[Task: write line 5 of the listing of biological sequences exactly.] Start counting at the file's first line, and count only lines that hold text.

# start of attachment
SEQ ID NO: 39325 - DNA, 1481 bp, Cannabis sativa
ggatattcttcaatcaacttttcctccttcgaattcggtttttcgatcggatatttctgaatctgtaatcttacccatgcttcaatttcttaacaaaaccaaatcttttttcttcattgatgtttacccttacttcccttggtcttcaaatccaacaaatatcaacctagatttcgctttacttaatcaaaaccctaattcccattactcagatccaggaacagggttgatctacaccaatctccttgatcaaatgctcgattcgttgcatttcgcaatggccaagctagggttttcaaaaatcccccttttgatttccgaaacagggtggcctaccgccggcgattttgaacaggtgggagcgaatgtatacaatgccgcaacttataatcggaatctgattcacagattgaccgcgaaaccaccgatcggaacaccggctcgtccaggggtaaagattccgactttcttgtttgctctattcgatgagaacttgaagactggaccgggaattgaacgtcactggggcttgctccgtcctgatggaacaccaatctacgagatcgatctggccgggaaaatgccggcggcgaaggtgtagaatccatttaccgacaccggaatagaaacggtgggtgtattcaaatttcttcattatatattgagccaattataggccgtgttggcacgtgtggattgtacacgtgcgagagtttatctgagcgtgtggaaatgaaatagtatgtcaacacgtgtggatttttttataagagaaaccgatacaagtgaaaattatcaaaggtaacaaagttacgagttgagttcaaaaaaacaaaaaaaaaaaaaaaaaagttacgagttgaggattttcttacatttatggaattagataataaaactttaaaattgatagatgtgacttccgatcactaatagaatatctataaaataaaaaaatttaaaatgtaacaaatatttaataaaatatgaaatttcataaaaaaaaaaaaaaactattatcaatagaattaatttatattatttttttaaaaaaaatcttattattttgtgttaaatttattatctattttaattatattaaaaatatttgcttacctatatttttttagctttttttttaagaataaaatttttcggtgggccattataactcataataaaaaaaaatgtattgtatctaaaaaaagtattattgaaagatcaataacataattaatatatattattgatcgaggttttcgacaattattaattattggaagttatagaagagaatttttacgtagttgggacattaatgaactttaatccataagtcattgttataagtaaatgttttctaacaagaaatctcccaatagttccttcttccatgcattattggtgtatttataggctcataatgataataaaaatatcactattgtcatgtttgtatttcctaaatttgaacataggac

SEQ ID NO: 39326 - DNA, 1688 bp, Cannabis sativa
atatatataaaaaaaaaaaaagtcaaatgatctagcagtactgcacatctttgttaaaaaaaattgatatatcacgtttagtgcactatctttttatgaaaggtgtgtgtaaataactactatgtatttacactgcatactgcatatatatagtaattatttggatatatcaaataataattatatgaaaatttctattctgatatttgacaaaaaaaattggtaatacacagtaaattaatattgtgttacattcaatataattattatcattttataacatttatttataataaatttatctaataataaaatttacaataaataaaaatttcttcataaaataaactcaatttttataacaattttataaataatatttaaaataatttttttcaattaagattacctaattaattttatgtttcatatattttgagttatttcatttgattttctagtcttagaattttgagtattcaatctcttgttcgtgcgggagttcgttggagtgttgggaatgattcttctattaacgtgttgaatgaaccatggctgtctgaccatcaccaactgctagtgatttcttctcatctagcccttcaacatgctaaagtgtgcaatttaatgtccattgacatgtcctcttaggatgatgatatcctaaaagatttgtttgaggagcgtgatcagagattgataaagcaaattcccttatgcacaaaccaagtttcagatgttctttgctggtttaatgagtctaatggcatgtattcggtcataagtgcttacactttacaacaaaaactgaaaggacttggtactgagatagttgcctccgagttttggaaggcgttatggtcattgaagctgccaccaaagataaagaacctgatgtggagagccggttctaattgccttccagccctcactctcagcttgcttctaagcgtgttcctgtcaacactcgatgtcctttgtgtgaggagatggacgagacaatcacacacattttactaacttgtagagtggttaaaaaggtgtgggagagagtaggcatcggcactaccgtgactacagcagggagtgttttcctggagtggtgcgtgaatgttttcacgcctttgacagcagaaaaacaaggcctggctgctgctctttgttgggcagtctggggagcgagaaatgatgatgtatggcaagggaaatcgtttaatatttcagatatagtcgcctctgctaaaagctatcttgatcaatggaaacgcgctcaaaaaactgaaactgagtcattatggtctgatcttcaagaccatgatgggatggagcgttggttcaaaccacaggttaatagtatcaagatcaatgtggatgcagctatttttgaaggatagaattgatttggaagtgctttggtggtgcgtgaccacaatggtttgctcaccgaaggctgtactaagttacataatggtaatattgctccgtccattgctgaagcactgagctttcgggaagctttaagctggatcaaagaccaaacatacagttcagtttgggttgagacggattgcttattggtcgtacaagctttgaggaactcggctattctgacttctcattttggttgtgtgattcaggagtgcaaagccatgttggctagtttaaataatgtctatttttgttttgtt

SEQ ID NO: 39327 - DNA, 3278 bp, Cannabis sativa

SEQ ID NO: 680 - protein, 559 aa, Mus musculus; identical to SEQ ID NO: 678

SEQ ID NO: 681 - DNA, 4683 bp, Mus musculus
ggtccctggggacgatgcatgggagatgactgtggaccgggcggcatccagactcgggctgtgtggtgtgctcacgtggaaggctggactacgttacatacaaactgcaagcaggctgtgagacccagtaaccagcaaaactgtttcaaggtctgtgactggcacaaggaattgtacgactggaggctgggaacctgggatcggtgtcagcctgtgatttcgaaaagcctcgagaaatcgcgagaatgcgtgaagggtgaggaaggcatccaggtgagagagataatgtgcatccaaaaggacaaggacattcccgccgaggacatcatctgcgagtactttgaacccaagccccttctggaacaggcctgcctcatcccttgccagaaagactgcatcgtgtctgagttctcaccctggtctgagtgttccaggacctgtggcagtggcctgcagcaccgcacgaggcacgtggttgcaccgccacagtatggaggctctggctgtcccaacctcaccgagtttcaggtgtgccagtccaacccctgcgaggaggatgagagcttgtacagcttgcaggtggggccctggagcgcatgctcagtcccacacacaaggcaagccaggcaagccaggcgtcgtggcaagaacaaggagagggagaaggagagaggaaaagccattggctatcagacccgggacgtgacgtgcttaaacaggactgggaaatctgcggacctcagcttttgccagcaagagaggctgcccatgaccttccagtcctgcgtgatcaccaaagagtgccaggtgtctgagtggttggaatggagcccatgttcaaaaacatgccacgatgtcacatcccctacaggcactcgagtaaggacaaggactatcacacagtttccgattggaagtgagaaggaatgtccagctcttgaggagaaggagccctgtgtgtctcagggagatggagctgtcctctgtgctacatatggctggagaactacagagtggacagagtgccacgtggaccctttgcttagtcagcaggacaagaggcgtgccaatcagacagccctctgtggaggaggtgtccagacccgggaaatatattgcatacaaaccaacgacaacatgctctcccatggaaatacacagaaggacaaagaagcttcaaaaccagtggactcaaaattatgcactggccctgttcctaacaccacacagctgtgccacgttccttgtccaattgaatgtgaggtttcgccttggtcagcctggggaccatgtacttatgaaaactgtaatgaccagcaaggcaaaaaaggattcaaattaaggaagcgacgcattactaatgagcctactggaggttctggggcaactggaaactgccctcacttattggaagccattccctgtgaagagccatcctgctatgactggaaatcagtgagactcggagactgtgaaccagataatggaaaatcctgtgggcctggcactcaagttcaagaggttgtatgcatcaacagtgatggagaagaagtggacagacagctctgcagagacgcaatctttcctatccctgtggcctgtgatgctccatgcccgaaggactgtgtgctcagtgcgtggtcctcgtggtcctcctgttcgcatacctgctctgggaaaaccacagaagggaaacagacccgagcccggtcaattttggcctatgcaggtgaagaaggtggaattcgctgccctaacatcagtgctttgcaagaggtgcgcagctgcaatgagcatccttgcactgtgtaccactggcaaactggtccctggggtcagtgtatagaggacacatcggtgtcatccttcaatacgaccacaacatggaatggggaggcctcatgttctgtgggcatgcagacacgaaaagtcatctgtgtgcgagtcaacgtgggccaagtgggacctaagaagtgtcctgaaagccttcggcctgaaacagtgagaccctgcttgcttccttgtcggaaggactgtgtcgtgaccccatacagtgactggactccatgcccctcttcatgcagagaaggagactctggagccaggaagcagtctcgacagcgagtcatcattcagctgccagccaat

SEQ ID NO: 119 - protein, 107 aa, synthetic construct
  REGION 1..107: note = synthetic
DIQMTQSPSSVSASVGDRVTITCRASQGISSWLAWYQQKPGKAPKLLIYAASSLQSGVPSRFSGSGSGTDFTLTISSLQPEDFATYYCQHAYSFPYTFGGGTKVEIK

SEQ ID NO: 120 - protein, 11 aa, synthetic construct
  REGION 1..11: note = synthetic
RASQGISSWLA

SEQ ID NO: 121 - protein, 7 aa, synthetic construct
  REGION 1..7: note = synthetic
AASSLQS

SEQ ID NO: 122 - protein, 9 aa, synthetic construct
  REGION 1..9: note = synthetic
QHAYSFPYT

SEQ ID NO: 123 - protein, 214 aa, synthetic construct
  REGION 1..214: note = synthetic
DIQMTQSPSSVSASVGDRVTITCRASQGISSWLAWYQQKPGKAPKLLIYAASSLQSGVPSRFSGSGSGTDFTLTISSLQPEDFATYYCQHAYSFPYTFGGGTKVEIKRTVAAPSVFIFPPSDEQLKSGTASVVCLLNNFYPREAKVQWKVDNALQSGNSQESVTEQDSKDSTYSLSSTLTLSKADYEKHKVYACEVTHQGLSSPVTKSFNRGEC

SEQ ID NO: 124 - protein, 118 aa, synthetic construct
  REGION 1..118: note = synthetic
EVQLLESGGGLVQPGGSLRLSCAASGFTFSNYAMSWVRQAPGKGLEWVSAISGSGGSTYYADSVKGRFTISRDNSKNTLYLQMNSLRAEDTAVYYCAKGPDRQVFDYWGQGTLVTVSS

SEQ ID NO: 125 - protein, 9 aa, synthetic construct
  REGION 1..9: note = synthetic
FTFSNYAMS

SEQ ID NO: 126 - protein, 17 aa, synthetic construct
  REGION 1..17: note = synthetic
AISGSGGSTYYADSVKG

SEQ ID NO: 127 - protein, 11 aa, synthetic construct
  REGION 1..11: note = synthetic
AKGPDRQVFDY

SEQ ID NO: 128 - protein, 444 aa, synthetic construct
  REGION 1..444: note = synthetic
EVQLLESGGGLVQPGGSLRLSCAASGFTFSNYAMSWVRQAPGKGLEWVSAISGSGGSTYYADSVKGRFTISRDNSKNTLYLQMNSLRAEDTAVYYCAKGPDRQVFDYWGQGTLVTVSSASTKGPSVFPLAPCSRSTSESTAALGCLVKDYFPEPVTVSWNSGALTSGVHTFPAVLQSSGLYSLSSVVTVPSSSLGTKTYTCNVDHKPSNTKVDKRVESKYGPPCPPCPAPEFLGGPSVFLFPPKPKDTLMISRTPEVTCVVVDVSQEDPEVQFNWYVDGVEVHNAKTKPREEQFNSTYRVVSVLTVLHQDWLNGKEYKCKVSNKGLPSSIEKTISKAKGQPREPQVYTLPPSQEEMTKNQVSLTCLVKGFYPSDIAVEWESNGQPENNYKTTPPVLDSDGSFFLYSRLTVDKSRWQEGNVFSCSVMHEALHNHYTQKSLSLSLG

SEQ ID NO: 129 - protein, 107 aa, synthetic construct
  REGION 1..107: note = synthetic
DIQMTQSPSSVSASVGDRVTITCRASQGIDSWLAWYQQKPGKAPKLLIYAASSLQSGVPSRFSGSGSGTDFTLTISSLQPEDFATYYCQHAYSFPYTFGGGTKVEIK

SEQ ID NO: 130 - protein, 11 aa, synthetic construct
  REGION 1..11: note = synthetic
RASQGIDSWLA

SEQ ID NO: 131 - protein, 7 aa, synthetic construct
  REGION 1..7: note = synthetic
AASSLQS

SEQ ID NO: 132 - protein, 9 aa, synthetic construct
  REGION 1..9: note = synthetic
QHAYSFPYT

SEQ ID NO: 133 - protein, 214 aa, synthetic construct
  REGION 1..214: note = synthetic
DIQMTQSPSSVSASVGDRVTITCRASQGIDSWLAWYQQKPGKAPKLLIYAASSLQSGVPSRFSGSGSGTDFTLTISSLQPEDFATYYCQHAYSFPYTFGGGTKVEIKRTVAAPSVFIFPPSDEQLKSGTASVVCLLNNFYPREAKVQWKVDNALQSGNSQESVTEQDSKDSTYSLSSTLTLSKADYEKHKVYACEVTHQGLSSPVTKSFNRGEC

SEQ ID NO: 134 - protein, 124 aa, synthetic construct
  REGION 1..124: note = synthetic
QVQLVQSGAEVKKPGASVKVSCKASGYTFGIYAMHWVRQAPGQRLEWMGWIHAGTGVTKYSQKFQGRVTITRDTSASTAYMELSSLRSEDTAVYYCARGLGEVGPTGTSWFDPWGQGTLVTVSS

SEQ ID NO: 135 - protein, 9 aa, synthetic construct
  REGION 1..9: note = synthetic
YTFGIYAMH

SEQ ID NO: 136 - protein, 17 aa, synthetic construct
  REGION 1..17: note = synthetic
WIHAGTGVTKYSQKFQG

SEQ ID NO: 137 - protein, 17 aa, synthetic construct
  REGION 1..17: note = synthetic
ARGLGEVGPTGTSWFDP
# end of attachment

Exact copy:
SEQ ID NO: 39327 - DNA, 3278 bp, Cannabis sativa